How the country 'Bhutan' got its name
Sandwiched between two sovereign South Asian giants, the small Himalayan kingdom where king and queen still rule, is known to the outside today as 'Bhutan'.
The origin of the name 'Bhutan' and what does Bhutan mean?
Though there is no precise etymology of ‘Bhutan’, traditionally it’s taken to be a transcription of the Sanskrit word Bhoṭa-anta "end of Tibet", a reference to Bhutan’s geographical position at the southern extremity of Tibet. Some say that it’s rather from the Sanskrit word 'Bhu-uttan' meaning 'high land' which is also true given the physical geography of the nation consisting mostly of steep and high mountains crisscrossed by a network of swift rivers.
Prior to being plunged into the western world with its singular Gross National Happiness story, Bhutan was a secluded country – far from the sight of prying eyes and heard about by many with different names.
The evolution of the name
In ancient times, Bhutan was called ‘Lho Mon’ meaning ‘Southern Land of Darkness’. ‘Lho’ means south (located to south of Tibet) and ‘Mon’ means darkness because practice of Buddhism had not flourished in Bhutan like in Tibet and India and thus the people were into the dark (without the light of religion). Until Guru Padmasambhava first introduced Buddhism in the 8th century, people were practicing Bonism, a religion that worshiped all forms of nature, remnants of which are still evident in some remote villages in the country.
Bhutan was also called ‘Lho Mon Khazhi’. It meant ‘southern Mon country of four entry points. Given the steep terrain and thick blankets of forests infested with insects and animals, entering Bhutan was difficult for travelers and traders then. There were only four points: Dungsamkha to the east, Dalingkha to the west, Pasakha to the south and Taktsherkha to the north.
Due to its wide altitudinal and climatic range, the flora and fauna available in Bhutan has always been unparalleled. Tibetans who were one of the two close traders of Bhutan in the past found Bhutan rich in medicinal herbs. They named the nation ‘Lho Jong Menjon’ meaning ‘Southern Land of Medicinal Herbs’. The meaning of Men is medicine. The name may not have picked up in popularity, as did the name Bhutan, but the country currently remains a biodiversity hotspot for flora and fauna owning to its conservation efforts.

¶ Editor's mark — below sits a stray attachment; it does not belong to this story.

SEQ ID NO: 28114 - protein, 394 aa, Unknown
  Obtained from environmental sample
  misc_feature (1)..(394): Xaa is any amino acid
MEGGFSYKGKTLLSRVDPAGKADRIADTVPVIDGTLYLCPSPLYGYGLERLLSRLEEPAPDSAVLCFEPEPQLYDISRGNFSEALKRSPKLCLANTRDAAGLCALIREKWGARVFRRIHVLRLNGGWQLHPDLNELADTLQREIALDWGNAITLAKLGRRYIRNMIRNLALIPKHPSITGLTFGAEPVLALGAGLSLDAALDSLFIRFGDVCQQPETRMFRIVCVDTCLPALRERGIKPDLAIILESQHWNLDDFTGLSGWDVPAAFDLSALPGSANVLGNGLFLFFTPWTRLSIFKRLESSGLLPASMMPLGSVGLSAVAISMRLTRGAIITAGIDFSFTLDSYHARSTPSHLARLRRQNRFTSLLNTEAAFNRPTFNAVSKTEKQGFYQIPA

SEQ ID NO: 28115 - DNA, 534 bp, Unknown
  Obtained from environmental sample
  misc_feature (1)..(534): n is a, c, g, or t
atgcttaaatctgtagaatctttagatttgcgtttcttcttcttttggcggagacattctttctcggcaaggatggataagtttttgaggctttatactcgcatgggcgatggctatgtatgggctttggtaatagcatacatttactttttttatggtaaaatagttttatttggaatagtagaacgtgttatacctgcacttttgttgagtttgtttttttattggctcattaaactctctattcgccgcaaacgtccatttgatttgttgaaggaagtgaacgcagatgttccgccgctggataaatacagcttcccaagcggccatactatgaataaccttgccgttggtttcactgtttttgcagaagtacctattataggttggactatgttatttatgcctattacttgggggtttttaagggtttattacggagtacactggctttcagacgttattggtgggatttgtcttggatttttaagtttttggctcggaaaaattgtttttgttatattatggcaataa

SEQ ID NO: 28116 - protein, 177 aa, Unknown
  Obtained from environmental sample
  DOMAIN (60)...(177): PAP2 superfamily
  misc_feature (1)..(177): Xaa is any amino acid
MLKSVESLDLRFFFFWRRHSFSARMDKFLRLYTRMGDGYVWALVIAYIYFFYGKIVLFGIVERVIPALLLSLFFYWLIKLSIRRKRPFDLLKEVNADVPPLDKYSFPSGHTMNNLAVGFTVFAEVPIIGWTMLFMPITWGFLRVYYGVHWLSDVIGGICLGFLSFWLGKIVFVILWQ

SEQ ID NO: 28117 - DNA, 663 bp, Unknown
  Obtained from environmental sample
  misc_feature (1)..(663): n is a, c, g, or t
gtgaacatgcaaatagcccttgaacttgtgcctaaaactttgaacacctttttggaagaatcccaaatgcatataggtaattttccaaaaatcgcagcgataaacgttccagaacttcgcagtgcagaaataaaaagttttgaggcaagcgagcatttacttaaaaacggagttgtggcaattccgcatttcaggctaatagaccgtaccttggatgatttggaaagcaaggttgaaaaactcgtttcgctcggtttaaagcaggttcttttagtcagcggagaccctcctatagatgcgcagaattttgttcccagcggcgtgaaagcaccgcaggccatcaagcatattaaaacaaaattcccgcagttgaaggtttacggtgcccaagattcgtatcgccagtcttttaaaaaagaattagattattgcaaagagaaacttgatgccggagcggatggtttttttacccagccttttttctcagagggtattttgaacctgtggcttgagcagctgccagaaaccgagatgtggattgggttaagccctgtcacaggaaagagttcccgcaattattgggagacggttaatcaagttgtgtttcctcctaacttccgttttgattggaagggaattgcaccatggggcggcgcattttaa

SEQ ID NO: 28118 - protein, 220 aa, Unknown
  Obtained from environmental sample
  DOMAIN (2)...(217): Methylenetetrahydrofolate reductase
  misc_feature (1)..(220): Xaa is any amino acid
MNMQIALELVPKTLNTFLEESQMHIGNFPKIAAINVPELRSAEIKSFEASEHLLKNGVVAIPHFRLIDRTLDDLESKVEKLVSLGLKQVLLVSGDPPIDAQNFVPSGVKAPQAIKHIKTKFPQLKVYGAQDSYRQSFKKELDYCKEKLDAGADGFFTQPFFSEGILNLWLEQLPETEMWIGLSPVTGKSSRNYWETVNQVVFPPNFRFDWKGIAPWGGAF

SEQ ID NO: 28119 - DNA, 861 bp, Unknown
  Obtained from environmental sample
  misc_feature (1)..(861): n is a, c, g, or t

Perhaps the most obvious yet least known to most must be ‘Tsendhen Kaypai Jong’ as another name for this landlocked country. In Dzongkha (the national language), Tsenden refers to cypress. Cypress is found across the country. Thus, the ‘land covered with cypress trees' for a name.
An alternate name for Bhutan from the list that has stood the test of time and is also used commonly in everyday language and literary forms of expression is ‘Druk Yul’ meaning ‘Land of Thunder Dragon’ and ‘Druk Gyalkhab’ meaning ‘Thunder Dragon Country’.
A name infused with spirituality
History has it that the word ‘Druk’ first originated in Tibet. Tsangpa Gyarey, a renowned meditation master and ancestor of Bhutan’s founding father was visiting Nam Village in Lhasa, Tibet to set up a spiritual center. On his visit there, he is reported to have seen nine dragons that flew off triggering a clap of booming thunder in the sky as he approached them. It also said to have rained flowers. Reading all these as auspicious omens for the foundation of his center, he named the place Druk or Dragon and his tradition took the derivative name Drukpa.
An eastern Tibetan man called Drukgom Zhigpo journeyed south on a religious mission following instructions of his teachers. He established the Drukpa tradition in western Bhutan. He had many heirs who then spread the Drukpa tradition to the whole of Bhutan. Local historians thus, claim that Bhutan was called Drukyul and her people Drukpa after the conversion of most people to the Drukpa school by Drukgom Zhigpo. Necessitated by the increasing political interaction with Bhutan’s neighbours, the use of formal names for the country and its inhabitants as Druk/Druk Yul and Drukpas respectively started by the beginning of the twentieth century (source: History of Bhutan by Karma Phuntsho)
Bhutan and Drukyul
Today, Bhutan uses two standard names to identify itself – Bhutan and Druk or Drukyul. The people are called Bhutanese or Drukpas and are ones in the world who take such pride in their identity.
The country flag also features a white dragon in its center symbolizing purity and the loyalty of various ethnic groups within the country.